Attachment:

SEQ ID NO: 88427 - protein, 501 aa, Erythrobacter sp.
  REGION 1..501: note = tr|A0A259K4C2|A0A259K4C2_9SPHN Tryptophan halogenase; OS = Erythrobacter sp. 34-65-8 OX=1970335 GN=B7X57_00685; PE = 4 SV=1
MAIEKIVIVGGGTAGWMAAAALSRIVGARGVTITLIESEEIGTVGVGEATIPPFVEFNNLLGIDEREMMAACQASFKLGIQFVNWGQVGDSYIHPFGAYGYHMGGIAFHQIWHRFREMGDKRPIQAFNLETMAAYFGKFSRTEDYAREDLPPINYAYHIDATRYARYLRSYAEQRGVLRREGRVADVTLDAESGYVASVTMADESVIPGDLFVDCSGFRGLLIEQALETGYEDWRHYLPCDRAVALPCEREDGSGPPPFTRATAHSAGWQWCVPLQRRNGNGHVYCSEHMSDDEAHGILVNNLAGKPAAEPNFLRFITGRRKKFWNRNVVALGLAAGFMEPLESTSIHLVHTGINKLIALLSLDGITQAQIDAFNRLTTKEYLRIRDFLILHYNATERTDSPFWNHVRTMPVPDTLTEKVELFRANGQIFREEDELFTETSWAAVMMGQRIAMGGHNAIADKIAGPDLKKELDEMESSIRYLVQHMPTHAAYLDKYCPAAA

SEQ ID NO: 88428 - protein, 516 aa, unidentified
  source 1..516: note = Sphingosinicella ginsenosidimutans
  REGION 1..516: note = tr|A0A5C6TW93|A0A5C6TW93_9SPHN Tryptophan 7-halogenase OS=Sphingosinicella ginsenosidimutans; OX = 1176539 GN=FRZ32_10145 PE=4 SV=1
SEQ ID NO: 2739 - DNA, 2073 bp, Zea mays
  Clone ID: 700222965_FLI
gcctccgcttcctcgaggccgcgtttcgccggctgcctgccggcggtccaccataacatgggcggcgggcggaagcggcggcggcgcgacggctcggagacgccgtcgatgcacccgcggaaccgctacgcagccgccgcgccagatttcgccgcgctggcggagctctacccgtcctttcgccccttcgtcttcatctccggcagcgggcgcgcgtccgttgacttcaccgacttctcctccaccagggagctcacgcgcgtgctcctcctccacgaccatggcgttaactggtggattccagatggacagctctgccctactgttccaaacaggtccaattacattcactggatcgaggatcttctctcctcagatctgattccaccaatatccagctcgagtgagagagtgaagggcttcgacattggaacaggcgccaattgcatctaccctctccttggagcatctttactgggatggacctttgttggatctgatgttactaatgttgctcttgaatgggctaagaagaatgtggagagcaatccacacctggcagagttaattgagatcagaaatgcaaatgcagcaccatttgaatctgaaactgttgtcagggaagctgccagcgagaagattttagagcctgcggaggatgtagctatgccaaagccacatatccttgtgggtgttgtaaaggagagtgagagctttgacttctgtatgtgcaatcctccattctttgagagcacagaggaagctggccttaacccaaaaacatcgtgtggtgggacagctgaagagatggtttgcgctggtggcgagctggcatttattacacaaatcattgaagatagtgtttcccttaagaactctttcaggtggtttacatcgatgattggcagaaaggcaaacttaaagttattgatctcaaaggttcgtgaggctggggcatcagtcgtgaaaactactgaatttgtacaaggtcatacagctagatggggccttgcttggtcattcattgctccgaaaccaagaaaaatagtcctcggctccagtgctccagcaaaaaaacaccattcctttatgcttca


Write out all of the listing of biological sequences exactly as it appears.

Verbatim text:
SEQ ID NO: 88427 - protein, 501 aa, Erythrobacter sp.
  REGION 1..501: note = tr|A0A259K4C2|A0A259K4C2_9SPHN Tryptophan halogenase; OS = Erythrobacter sp. 34-65-8 OX=1970335 GN=B7X57_00685; PE = 4 SV=1
MAIEKIVIVGGGTAGWMAAAALSRIVGARGVTITLIESEEIGTVGVGEATIPPFVEFNNLLGIDEREMMAACQASFKLGIQFVNWGQVGDSYIHPFGAYGYHMGGIAFHQIWHRFREMGDKRPIQAFNLETMAAYFGKFSRTEDYAREDLPPINYAYHIDATRYARYLRSYAEQRGVLRREGRVADVTLDAESGYVASVTMADESVIPGDLFVDCSGFRGLLIEQALETGYEDWRHYLPCDRAVALPCEREDGSGPPPFTRATAHSAGWQWCVPLQRRNGNGHVYCSEHMSDDEAHGILVNNLAGKPAAEPNFLRFITGRRKKFWNRNVVALGLAAGFMEPLESTSIHLVHTGINKLIALLSLDGITQAQIDAFNRLTTKEYLRIRDFLILHYNATERTDSPFWNHVRTMPVPDTLTEKVELFRANGQIFREEDELFTETSWAAVMMGQRIAMGGHNAIADKIAGPDLKKELDEMESSIRYLVQHMPTHAAYLDKYCPAAA

SEQ ID NO: 88428 - protein, 516 aa, unidentified
  source 1..516: note = Sphingosinicella ginsenosidimutans
  REGION 1..516: note = tr|A0A5C6TW93|A0A5C6TW93_9SPHN Tryptophan 7-halogenase OS=Sphingosinicella ginsenosidimutans; OX = 1176539 GN=FRZ32_10145 PE=4 SV=1
SEQ ID NO: 2739 - DNA, 2073 bp, Zea mays
  Clone ID: 700222965_FLI
gcctccgcttcctcgaggccgcgtttcgccggctgcctgccggcggtccaccataacatgggcggcgggcggaagcggcggcggcgcgacggctcggagacgccgtcgatgcacccgcggaaccgctacgcagccgccgcgccagatttcgccgcgctggcggagctctacccgtcctttcgccccttcgtcttcatctccggcagcgggcgcgcgtccgttgacttcaccgacttctcctccaccagggagctcacgcgcgtgctcctcctccacgaccatggcgttaactggtggattccagatggacagctctgccctactgttccaaacaggtccaattacattcactggatcgaggatcttctctcctcagatctgattccaccaatatccagctcgagtgagagagtgaagggcttcgacattggaacaggcgccaattgcatctaccctctccttggagcatctttactgggatggacctttgttggatctgatgttactaatgttgctcttgaatgggctaagaagaatgtggagagcaatccacacctggcagagttaattgagatcagaaatgcaaatgcagcaccatttgaatctgaaactgttgtcagggaagctgccagcgagaagattttagagcctgcggaggatgtagctatgccaaagccacatatccttgtgggtgttgtaaaggagagtgagagctttgacttctgtatgtgcaatcctccattctttgagagcacagaggaagctggccttaacccaaaaacatcgtgtggtgggacagctgaagagatggtttgcgctggtggcgagctggcatttattacacaaatcattgaagatagtgtttcccttaagaactctttcaggtggtttacatcgatgattggcagaaaggcaaacttaaagttattgatctcaaaggttcgtgaggctggggcatcagtcgtgaaaactactgaatttgtacaaggtcatacagctagatggggccttgcttggtcattcattgctccgaaaccaagaaaaatagtcctcggctccagtgctccagcaaaaaaacaccattcctttatgcttca